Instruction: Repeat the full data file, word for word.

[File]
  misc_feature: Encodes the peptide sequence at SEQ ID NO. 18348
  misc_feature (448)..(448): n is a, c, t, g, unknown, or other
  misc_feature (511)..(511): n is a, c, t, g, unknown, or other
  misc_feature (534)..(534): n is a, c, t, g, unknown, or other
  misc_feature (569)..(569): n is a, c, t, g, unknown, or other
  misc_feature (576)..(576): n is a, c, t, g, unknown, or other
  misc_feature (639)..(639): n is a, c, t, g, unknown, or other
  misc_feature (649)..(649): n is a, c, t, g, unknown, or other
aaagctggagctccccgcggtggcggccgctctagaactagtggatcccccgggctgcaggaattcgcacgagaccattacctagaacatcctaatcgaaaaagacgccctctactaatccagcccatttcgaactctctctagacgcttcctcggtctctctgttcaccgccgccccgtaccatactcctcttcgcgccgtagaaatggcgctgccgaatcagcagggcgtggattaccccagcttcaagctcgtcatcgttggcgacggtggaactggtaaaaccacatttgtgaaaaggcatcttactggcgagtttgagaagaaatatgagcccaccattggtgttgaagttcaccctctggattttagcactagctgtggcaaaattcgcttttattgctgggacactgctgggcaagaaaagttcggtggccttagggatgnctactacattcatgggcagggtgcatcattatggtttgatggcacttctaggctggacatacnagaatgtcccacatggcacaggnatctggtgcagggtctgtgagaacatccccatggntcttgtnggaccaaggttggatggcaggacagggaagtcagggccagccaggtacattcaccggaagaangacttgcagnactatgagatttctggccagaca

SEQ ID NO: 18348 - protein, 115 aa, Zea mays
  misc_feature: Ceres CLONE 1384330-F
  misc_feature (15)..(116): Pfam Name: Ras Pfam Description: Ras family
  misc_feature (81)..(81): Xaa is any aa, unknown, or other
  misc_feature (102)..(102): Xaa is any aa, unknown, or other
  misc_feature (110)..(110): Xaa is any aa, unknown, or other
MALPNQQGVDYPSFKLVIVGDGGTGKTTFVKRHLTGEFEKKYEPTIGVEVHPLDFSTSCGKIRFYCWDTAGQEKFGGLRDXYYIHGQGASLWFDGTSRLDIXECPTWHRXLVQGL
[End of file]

  misc_feature: Encodes the peptide sequence at SEQ ID NO. 18348
  misc_feature (448)..(448): n is a, c, t, g, unknown, or other
  misc_feature (511)..(511): n is a, c, t, g, unknown, or other
  misc_feature (534)..(534): n is a, c, t, g, unknown, or other
  misc_feature (569)..(569): n is a, c, t, g, unknown, or other
  misc_feature (576)..(576): n is a, c, t, g, unknown, or other
  misc_feature (639)..(639): n is a, c, t, g, unknown, or other
  misc_feature (649)..(649): n is a, c, t, g, unknown, or other
aaagctggagctccccgcggtggcggccgctctagaactagtggatcccccgggctgcaggaattcgcacgagaccattacctagaacatcctaatcgaaaaagacgccctctactaatccagcccatttcgaactctctctagacgcttcctcggtctctctgttcaccgccgccccgtaccatactcctcttcgcgccgtagaaatggcgctgccgaatcagcagggcgtggattaccccagcttcaagctcgtcatcgttggcgacggtggaactggtaaaaccacatttgtgaaaaggcatcttactggcgagtttgagaagaaatatgagcccaccattggtgttgaagttcaccctctggattttagcactagctgtggcaaaattcgcttttattgctgggacactgctgggcaagaaaagttcggtggccttagggatgnctactacattcatgggcagggtgcatcattatggtttgatggcacttctaggctggacatacnagaatgtcccacatggcacaggnatctggtgcagggtctgtgagaacatccccatggntcttgtnggaccaaggttggatggcaggacagggaagtcagggccagccaggtacattcaccggaagaangacttgcagnactatgagatttctggccagaca

SEQ ID NO: 18348 - protein, 115 aa, Zea mays
  misc_feature: Ceres CLONE 1384330-F
  misc_feature (15)..(116): Pfam Name: Ras Pfam Description: Ras family
  misc_feature (81)..(81): Xaa is any aa, unknown, or other
  misc_feature (102)..(102): Xaa is any aa, unknown, or other
  misc_feature (110)..(110): Xaa is any aa, unknown, or other
MALPNQQGVDYPSFKLVIVGDGGTGKTTFVKRHLTGEFEKKYEPTIGVEVHPLDFSTSCGKIRFYCWDTAGQEKFGGLRDXYYIHGQGASLWFDGTSRLDIXECPTWHRXLVQGL